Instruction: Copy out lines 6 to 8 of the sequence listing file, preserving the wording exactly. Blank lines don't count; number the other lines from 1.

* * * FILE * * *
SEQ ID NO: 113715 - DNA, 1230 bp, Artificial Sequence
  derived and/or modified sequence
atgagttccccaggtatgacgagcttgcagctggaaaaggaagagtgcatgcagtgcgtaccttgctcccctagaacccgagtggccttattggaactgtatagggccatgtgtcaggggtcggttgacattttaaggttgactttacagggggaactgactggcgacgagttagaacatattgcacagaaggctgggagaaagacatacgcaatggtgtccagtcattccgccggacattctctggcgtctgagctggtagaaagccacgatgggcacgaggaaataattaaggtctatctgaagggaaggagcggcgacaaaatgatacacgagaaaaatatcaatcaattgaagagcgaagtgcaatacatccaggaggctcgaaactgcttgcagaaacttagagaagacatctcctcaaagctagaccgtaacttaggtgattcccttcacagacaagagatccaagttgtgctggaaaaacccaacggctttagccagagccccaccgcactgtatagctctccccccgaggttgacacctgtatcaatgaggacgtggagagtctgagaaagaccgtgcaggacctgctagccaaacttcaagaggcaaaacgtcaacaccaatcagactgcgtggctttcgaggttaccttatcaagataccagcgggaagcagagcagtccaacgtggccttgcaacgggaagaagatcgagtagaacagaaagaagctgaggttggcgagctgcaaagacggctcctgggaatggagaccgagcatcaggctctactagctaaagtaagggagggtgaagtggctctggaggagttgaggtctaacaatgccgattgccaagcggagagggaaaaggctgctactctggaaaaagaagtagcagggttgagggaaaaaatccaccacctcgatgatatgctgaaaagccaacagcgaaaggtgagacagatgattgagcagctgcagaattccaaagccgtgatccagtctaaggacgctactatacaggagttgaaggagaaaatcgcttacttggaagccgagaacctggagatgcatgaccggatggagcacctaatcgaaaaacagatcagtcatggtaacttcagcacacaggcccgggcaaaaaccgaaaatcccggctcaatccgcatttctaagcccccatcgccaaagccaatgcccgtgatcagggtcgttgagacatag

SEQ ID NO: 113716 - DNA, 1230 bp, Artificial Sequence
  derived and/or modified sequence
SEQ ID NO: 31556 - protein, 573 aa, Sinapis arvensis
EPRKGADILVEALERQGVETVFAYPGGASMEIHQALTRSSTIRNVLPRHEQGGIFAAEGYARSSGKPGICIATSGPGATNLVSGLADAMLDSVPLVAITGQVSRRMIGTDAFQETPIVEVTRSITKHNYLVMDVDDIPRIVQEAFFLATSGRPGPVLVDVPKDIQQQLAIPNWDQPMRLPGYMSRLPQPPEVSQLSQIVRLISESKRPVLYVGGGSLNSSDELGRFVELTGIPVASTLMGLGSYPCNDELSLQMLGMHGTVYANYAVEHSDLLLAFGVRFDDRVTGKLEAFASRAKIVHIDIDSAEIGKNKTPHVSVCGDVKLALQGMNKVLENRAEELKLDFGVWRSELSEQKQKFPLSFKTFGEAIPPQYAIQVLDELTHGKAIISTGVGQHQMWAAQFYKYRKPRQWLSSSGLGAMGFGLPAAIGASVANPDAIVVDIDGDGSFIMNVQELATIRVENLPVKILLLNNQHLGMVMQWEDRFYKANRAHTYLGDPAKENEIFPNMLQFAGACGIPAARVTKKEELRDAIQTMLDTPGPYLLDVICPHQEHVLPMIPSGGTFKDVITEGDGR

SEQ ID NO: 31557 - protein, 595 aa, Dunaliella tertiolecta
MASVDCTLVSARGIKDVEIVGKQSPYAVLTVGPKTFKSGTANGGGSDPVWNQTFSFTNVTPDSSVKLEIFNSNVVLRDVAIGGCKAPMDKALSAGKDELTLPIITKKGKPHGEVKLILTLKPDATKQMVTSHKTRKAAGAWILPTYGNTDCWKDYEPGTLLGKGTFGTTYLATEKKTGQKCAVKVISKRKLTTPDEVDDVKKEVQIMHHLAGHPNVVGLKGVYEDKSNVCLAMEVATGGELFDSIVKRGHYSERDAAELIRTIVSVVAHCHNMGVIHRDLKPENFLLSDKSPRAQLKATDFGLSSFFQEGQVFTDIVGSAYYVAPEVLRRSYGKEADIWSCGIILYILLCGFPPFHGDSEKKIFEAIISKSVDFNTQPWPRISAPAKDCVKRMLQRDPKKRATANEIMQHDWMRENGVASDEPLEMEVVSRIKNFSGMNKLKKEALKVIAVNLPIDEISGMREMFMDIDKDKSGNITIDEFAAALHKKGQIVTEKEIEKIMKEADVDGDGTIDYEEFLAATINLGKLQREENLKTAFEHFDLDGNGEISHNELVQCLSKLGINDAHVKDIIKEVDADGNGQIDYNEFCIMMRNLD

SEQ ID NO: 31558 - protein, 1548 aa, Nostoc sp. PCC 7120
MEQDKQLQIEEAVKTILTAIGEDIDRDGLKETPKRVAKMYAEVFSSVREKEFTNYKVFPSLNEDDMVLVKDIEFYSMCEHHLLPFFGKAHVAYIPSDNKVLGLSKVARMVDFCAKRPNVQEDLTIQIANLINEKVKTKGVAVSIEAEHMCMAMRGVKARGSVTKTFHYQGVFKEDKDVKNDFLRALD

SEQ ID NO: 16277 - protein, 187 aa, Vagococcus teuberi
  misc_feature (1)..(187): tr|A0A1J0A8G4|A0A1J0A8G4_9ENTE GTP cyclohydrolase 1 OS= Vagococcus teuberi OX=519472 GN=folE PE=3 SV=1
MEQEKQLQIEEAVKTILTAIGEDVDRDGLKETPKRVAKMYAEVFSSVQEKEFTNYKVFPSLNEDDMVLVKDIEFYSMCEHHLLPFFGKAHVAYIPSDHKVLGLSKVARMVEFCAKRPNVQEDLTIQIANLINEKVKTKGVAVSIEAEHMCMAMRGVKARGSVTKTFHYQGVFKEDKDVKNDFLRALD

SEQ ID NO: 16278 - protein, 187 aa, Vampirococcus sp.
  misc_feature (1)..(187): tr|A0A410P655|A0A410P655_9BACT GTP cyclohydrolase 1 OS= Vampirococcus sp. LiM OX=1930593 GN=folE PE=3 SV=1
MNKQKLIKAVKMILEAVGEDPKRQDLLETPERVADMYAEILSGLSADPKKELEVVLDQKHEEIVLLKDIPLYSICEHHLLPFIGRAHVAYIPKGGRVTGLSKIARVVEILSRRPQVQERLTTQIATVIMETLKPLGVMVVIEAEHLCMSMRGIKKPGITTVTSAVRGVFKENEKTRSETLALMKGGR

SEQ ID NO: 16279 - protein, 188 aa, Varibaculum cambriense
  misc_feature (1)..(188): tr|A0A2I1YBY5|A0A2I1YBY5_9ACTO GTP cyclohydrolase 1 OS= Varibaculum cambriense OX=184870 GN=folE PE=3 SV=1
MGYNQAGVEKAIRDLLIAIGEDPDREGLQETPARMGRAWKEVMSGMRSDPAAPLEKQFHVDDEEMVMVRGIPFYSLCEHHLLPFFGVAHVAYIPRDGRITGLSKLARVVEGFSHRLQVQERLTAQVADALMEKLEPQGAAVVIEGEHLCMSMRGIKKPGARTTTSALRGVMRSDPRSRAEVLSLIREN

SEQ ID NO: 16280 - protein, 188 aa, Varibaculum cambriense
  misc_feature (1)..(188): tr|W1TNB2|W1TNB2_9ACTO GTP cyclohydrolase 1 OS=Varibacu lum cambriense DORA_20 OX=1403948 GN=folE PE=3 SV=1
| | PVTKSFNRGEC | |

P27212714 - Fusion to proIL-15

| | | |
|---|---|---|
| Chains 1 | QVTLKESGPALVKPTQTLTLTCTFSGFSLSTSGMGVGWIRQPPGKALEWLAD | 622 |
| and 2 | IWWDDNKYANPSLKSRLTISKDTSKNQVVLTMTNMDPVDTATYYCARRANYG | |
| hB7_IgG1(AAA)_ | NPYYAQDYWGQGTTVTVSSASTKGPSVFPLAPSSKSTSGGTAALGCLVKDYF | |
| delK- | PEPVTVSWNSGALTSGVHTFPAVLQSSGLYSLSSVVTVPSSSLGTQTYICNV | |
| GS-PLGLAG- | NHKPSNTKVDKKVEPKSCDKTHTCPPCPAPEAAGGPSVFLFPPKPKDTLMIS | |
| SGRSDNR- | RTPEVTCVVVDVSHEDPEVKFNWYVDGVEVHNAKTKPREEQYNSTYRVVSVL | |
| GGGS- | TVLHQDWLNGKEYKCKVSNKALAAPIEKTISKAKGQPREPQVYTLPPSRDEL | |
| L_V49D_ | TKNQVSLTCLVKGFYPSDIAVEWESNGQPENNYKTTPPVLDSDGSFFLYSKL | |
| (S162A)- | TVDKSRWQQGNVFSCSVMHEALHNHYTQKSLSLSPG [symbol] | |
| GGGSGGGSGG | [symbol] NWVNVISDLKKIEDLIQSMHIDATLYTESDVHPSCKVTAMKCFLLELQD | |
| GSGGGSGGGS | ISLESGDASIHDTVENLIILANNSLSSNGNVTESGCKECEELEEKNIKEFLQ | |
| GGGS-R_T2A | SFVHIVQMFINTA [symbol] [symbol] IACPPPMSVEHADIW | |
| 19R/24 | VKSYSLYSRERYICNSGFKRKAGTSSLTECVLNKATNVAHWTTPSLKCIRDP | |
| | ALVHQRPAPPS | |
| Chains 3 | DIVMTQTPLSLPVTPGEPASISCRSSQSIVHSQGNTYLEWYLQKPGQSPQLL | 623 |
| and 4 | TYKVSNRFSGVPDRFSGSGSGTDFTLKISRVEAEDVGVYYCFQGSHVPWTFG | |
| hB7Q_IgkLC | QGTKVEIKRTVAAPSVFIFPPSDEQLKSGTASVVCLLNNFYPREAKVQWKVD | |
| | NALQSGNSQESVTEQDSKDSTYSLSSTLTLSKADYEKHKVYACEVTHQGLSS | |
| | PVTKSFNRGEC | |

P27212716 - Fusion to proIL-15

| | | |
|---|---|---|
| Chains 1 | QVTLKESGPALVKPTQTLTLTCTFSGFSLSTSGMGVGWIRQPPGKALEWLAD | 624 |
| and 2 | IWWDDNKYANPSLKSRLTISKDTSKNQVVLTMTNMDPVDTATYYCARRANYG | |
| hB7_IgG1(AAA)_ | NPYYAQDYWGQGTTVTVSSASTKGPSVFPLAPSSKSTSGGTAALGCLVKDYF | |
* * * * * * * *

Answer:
SEQ ID NO: 31556 - protein, 573 aa, Sinapis arvensis
EPRKGADILVEALERQGVETVFAYPGGASMEIHQALTRSSTIRNVLPRHEQGGIFAAEGYARSSGKPGICIATSGPGATNLVSGLADAMLDSVPLVAITGQVSRRMIGTDAFQETPIVEVTRSITKHNYLVMDVDDIPRIVQEAFFLATSGRPGPVLVDVPKDIQQQLAIPNWDQPMRLPGYMSRLPQPPEVSQLSQIVRLISESKRPVLYVGGGSLNSSDELGRFVELTGIPVASTLMGLGSYPCNDELSLQMLGMHGTVYANYAVEHSDLLLAFGVRFDDRVTGKLEAFASRAKIVHIDIDSAEIGKNKTPHVSVCGDVKLALQGMNKVLENRAEELKLDFGVWRSELSEQKQKFPLSFKTFGEAIPPQYAIQVLDELTHGKAIISTGVGQHQMWAAQFYKYRKPRQWLSSSGLGAMGFGLPAAIGASVANPDAIVVDIDGDGSFIMNVQELATIRVENLPVKILLLNNQHLGMVMQWEDRFYKANRAHTYLGDPAKENEIFPNMLQFAGACGIPAARVTKKEELRDAIQTMLDTPGPYLLDVICPHQEHVLPMIPSGGTFKDVITEGDGR

SEQ ID NO: 31557 - protein, 595 aa, Dunaliella tertiolecta